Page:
One of the biggest and most monumental risks the UFC undertook was the introduction of the its own reality TV series called The Ultimate Fighter (TUF) which aired on Spike TV from 2005. The introduction of the series was seen as a make-or-break moment for the organisation as it was making a loss prior to taking this risk. The premise of TUF was that regional circuit fighters would be scouted by the UFC to stay in a mansion together in Las Vegas and compete against each other in a knock-out tournament over a period of six weeks and then fight in a live finale. The winner of the tournament would win a six figure UFC contract.
The show proved enormously successful partly because of the novelty of the sport but also due to the compelling characters that the show managed to find and conjure. The show opened up the human side of the sport to mainstream audiences.
The live finale of The Ultimate Fighter managed to attract viewership in the millions and gave Spike TV the confidence to offer the UFC another season of TUF. Indeed, fourteen seasons of the TUF have aired on Spike TV and the show has reached more than 20 seasons with other stations too including Fox.
Table Tennis can only benefit from the kind of risk taking and innovation that the UFC undertook.
An excellent example of such an endeavour is the Table Tennis Daily British League Series and the new TDDSL league. I can write pages about how wonderful it is. In short however, the series is a success because it creates rivalry between clubs and players, it has the high stakes of; money being on the line and making all the matches public on YouTube, it has high quality filming and presentation and importantly, it has a coherent narrative and story and has a diverse array of characters.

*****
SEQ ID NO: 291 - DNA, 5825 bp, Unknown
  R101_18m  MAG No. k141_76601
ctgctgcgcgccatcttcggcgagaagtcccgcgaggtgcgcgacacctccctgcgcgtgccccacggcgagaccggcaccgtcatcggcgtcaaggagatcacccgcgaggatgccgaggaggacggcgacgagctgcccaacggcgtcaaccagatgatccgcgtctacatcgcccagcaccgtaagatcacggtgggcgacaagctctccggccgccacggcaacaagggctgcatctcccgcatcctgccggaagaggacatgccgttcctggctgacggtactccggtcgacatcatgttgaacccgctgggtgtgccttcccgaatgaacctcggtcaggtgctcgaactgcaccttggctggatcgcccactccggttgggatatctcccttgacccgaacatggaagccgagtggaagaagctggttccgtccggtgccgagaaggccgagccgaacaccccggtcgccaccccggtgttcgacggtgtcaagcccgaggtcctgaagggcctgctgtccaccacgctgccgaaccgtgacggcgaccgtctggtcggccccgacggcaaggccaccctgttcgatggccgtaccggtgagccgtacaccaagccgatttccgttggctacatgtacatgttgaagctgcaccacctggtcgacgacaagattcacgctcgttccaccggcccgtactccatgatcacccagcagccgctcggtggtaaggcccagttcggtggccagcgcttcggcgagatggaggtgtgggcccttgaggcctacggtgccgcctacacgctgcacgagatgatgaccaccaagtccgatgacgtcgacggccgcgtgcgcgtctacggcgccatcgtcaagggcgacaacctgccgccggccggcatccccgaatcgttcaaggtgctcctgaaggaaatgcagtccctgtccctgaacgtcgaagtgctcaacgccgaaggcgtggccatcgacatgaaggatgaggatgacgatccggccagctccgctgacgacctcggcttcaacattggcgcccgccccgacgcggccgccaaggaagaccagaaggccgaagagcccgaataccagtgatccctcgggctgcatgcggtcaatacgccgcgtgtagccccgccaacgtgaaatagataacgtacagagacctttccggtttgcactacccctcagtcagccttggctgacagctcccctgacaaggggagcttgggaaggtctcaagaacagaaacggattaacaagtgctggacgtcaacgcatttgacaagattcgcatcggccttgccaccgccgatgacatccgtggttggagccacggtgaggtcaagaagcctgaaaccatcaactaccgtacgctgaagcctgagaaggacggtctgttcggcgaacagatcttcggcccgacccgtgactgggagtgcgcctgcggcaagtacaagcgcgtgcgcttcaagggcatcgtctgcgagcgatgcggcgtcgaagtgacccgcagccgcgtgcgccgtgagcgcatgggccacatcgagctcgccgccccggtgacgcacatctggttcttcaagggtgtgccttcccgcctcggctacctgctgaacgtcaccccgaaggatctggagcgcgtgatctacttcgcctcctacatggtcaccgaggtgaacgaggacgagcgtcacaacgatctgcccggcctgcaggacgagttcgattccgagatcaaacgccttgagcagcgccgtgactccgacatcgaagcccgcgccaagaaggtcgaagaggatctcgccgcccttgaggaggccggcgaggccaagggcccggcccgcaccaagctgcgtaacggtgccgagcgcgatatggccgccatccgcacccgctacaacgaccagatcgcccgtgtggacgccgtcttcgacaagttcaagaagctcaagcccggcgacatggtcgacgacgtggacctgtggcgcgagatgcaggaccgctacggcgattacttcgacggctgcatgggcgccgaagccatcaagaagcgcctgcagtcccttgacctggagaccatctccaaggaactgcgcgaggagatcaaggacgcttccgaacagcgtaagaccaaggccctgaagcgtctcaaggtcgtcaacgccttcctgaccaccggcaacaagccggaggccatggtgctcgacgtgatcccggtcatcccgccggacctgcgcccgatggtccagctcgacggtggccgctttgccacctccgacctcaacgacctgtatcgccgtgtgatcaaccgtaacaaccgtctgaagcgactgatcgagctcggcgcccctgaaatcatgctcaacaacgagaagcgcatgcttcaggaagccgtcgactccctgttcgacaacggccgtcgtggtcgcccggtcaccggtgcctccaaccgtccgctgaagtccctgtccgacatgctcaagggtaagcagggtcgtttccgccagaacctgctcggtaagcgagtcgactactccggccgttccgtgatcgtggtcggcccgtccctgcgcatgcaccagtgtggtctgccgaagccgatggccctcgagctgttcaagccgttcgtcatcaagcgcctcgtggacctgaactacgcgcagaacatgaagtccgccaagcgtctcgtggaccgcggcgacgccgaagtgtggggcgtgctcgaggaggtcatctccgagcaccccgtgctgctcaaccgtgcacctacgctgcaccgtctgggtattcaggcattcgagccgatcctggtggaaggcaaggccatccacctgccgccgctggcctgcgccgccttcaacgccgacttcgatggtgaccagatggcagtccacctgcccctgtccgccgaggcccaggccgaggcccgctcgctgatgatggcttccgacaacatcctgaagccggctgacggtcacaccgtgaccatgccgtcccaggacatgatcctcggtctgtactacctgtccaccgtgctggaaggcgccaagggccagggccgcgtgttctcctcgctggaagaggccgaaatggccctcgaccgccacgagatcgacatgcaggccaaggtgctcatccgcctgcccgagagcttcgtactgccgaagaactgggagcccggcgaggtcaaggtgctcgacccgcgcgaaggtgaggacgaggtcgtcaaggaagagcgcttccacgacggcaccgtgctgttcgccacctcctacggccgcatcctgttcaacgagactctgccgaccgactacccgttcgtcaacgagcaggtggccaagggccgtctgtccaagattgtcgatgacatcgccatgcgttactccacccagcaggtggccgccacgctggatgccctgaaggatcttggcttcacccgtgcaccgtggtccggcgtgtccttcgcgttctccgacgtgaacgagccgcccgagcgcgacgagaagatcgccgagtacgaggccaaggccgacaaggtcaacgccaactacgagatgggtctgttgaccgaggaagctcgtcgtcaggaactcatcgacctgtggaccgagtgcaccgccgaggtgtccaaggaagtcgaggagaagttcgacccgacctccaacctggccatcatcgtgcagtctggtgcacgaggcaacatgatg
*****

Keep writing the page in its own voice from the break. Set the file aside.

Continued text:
World Class Stuff!
All sports have stars and personalities that add an X-factor to their sport.
Indeed, some stars are shine so bright because they have that ‘thing’ that allows them to transcend their sport entirely and create shockwaves across sports and culture. Super-stars with this kind of ‘thing’ exist in the sports of Snooker, F1, Boxing, Tennis, Athletics and countless others.
Super-star power is not specific to a certain type of sport but rather is dependent on the personality of the individual and the quality of the promotion that they have at their disposal.
Indeed, a significant success of the UFC business model, is its ability to spot individuals who have that ‘thing’ or ‘X Factor’ whether it be charisma, humour, hot-headiness, beauty, intelligence and/or ability to attract a new or niche market to the sport. Prime examples of such ‘super-stars’ include Ronda Rousey being the first Women’s UFC Champion and a pioneer for Women’s MMA who had confidence, charisma and her gender at her disposal to create shockwaves across culture. Another example being Conor McGregor who was the perfect storm of brash confidence, charisma, humour and being from the proud nation of Ireland (a new market for the UFC). The UFC noticed these two goldmines and promoted them to no end. The numbers do not lie, PayPerView events featuring Rousey and McGregor have sold in their millions and introduced a new generation of MMA fans and participants.
Moreover, the UFC is privileged to have an eclectic mix of personality types in Stars. There are ‘respectful’, ‘honourable’, ‘traditional martial-artist’ types who captured the hearts of fans such as Anderson Silva, George Saint-Pierre, Khabib Nurmagomedov and there are rockstars and mavericks such as Conor McGregor, Nate Diaz and Ronda Rousey.
Stardom can be achieved by a whole spectrum of personality types, so long as there is a sellable ‘thing’- an X-Factor.
All sports need an eclectic mix of stars as the contrast of personality types actually complement one another. Respect and Honour are all very nice and well but they are boring if not contrasted with rebellion, disrespect and exuberance. The wise-old sages need the mavericks and the mavericks need the wise old sages. It works in a yin-yang relationship.
The sport of Table Tennis has countless individuals with star quality that are not being used to their full potential. They need more promotion!